After gym class let out at York Preparatory Academy in Rock Hill, S.C., 12-year-old Assante Pettus got a dangerous surprise when his also 12-year-old classmate pulled a plastic bag over his head until he passed out, WSOC-TV reports.
"... She pulled it over my head and, you know, the handles, she pulled the handles, so it's like it's over my face and she's pulling the handles," Pettus told the station. "When she put the bag over my head, I couldn't breathe, so I tried to pull it off, but I couldn't pull it off because she was pulling it. And then I passed out."
While the school district maintains the two were just "screwing around" and has not issued any punishment for the girl, WSOC-TV reports that local police are naming her in an investigation of assault and battery with intent to kill.
This incident comes after research published in the journal Pediatrics shows that one in 16 eighth graders admit to playing the "choking game" -- which Reuters defines as "putting pressure on the neck with a towel or belt to cut off someone's oxygen supply, then releasing the pressure to give a 'high' sensation."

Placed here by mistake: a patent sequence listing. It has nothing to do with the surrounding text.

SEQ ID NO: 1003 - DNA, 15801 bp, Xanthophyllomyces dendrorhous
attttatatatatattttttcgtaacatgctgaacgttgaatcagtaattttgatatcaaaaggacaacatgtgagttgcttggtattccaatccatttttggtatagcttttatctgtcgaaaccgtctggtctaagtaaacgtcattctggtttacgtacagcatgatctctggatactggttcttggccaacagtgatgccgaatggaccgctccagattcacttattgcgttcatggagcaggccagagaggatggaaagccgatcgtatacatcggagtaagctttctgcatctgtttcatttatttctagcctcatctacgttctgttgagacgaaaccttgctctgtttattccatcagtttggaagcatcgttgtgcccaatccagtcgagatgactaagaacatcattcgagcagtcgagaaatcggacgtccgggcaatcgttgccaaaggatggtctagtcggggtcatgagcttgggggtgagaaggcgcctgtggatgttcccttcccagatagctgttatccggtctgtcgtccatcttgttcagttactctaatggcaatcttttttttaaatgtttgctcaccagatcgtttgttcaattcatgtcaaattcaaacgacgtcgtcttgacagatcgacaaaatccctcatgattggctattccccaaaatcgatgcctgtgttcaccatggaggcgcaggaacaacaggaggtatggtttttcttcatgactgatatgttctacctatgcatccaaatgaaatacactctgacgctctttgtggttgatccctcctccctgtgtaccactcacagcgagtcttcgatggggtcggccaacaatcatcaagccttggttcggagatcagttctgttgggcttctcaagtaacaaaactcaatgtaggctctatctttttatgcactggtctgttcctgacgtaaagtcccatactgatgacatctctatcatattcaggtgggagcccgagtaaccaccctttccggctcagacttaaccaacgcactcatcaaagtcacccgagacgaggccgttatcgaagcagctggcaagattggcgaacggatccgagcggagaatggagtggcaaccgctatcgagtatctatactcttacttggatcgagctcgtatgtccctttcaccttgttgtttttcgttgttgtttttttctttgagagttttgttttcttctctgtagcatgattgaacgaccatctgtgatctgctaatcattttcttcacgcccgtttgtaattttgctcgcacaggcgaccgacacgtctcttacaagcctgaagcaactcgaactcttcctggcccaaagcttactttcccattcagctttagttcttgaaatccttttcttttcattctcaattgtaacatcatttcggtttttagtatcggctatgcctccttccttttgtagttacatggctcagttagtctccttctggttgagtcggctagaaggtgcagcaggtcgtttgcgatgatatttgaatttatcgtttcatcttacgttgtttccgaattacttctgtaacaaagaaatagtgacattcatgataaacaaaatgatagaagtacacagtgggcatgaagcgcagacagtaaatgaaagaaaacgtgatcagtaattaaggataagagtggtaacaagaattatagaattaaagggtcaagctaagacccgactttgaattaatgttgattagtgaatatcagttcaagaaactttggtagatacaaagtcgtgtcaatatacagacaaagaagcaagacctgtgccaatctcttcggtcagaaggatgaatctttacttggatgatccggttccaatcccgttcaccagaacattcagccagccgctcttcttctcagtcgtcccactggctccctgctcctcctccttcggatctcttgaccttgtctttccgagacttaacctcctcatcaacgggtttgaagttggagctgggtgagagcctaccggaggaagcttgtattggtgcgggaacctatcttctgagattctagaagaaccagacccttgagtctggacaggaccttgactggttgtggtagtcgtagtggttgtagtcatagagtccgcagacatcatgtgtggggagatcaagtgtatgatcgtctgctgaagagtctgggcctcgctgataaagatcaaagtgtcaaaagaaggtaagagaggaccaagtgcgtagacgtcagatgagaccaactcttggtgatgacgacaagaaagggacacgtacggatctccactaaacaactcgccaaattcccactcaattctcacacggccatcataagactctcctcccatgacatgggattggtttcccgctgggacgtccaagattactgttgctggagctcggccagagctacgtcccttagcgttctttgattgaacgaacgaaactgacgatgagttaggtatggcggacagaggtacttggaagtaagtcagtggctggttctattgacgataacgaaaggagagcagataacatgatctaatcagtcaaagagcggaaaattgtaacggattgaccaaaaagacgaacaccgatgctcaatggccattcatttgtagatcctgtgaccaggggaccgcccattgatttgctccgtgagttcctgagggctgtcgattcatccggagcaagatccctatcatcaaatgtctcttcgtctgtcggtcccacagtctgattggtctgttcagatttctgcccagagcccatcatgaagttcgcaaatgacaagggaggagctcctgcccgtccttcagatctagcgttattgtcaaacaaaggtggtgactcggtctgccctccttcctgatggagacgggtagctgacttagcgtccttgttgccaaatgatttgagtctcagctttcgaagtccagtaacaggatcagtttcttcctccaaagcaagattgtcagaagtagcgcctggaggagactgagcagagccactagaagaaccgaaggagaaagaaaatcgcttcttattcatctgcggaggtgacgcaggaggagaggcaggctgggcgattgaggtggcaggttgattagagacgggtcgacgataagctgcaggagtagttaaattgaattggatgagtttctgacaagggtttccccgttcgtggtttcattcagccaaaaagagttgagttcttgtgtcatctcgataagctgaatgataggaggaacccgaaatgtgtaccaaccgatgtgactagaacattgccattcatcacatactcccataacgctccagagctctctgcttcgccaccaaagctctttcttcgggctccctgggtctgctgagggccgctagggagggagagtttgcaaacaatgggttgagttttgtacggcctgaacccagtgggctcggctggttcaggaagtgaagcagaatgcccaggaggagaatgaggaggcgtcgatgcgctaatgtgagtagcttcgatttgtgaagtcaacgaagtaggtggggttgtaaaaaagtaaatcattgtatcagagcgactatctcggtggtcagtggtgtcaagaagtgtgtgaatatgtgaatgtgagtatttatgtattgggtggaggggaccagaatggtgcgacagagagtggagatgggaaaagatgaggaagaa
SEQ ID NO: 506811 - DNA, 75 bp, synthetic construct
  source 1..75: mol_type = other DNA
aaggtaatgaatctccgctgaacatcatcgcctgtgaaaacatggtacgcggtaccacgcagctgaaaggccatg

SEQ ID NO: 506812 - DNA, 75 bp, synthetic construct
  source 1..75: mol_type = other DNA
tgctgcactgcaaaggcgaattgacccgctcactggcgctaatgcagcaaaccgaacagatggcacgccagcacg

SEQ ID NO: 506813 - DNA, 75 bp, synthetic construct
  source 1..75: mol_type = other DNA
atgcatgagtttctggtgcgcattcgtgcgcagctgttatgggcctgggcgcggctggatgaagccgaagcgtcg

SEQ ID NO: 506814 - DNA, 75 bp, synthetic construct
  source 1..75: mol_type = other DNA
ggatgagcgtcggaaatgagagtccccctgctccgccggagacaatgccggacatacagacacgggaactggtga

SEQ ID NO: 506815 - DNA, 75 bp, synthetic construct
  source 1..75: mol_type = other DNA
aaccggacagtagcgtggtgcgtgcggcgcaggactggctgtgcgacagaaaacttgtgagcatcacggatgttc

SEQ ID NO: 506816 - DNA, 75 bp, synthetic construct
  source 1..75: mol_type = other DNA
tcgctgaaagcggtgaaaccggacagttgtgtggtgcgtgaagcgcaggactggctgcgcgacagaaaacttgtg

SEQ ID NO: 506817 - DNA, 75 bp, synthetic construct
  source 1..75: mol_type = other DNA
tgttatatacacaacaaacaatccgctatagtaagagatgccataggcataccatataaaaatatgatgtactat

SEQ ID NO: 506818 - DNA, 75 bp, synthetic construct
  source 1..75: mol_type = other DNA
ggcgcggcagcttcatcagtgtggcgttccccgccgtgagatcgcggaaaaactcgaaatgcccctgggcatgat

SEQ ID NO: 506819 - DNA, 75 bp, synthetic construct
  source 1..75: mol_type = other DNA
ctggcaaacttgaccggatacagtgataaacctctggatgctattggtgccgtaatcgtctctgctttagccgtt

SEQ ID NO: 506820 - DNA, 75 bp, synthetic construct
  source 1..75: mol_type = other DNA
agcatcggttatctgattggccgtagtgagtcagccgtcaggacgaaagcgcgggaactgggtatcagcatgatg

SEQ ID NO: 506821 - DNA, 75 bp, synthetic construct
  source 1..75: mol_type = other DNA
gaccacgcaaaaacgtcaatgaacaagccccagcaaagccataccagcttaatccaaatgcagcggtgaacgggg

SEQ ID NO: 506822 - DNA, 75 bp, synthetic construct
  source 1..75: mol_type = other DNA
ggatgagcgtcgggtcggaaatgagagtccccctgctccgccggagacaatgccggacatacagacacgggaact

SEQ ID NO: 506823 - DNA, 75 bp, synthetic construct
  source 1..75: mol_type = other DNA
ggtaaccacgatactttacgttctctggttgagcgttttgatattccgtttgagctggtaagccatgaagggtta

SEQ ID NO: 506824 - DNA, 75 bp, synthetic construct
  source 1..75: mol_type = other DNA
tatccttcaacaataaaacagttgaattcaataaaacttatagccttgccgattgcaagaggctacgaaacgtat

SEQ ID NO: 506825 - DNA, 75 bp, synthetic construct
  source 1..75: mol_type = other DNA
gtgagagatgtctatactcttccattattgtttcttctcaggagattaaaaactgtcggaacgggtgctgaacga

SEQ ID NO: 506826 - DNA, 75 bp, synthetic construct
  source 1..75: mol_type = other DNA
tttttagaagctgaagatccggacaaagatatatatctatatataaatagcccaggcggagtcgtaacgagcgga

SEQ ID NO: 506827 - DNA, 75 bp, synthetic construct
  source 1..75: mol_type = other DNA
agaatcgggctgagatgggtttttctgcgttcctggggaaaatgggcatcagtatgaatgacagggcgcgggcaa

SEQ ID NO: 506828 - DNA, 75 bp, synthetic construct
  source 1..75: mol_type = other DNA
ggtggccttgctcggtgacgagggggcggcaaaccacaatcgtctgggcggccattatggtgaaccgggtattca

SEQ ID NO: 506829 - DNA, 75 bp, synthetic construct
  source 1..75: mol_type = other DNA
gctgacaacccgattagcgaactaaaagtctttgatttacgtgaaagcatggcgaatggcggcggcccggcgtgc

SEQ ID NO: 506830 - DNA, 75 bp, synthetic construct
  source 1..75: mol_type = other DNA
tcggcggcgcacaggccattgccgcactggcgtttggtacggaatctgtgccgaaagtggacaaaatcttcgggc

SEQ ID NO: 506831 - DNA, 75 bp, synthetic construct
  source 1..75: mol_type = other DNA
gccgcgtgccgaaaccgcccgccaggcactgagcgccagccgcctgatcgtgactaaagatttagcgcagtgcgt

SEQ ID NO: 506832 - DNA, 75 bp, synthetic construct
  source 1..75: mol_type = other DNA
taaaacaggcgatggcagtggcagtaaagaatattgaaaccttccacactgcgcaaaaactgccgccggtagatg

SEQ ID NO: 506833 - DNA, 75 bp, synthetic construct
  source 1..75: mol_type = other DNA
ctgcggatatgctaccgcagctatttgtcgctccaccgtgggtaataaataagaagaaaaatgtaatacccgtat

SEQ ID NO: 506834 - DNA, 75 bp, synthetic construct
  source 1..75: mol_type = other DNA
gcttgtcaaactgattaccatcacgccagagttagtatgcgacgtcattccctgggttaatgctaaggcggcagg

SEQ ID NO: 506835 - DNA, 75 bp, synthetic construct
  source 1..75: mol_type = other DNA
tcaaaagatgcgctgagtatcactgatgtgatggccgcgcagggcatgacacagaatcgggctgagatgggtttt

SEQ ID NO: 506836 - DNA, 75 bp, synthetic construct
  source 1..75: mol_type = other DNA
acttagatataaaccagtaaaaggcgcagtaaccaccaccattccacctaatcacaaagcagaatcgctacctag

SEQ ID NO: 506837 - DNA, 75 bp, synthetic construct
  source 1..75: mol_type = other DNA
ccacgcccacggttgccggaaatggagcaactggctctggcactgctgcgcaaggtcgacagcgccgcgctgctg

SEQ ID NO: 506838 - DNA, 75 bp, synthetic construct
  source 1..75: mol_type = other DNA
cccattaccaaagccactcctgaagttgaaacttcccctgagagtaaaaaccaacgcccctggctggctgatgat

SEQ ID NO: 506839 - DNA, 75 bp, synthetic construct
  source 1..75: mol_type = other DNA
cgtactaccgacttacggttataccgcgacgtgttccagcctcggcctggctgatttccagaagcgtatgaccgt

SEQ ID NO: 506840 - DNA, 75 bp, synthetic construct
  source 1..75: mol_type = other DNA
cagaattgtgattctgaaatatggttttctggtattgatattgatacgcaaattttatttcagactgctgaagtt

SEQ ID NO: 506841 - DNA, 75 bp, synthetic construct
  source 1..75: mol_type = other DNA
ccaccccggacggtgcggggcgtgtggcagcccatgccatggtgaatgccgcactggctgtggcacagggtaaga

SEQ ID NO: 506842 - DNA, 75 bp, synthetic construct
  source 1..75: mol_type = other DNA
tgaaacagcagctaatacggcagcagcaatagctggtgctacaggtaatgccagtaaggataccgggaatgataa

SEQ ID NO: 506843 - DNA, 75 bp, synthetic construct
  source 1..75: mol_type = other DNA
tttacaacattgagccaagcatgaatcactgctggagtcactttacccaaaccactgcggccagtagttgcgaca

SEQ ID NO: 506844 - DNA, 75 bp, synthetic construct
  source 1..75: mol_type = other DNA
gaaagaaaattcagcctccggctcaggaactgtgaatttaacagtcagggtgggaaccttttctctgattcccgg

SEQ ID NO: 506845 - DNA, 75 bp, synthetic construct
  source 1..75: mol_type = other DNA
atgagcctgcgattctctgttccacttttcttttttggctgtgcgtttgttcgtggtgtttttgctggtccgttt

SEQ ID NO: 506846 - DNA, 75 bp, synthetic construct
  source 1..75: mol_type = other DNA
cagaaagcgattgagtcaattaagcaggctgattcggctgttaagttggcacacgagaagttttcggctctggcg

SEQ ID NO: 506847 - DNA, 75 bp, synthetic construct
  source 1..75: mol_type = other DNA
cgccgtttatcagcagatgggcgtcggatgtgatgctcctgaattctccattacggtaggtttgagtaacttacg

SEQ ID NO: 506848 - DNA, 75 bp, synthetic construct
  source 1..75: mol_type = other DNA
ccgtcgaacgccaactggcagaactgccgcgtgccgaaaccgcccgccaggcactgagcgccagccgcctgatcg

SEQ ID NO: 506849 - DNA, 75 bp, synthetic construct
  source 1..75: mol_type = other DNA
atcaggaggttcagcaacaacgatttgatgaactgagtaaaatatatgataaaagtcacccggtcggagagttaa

New Hampshire Chief Medical Examiner Dr. Thomas Andre spoke with ABC News about why the practice is so dangerous.
"The brain gets short circuited," Andre told the network. "You can certainly trigger seizure activity that may or may or not end in permanent damage to the brain."
Last year, parents of Wisconsin 10-year-old Thailan Cash were devastated after they found their son dead with a curtain wrapped around his neck -- a tragedy they blamed on the choking game Thailan had played at school.
"It wasn't a suicide, 'cause he was just too happy and he had no reason to commit suicide," the boy's father, Enzy Curtis, told local Milwaukee station TMJ4. "I think it was just a game he was playing and it got out of hand."
Thailan's mother, Yolanda Cash, remembers warning him after learning he engaged in the risky game at school.
"I told him, 'Honey that's dangerous. You shouldn't do that,'" Cash told WTMJ.
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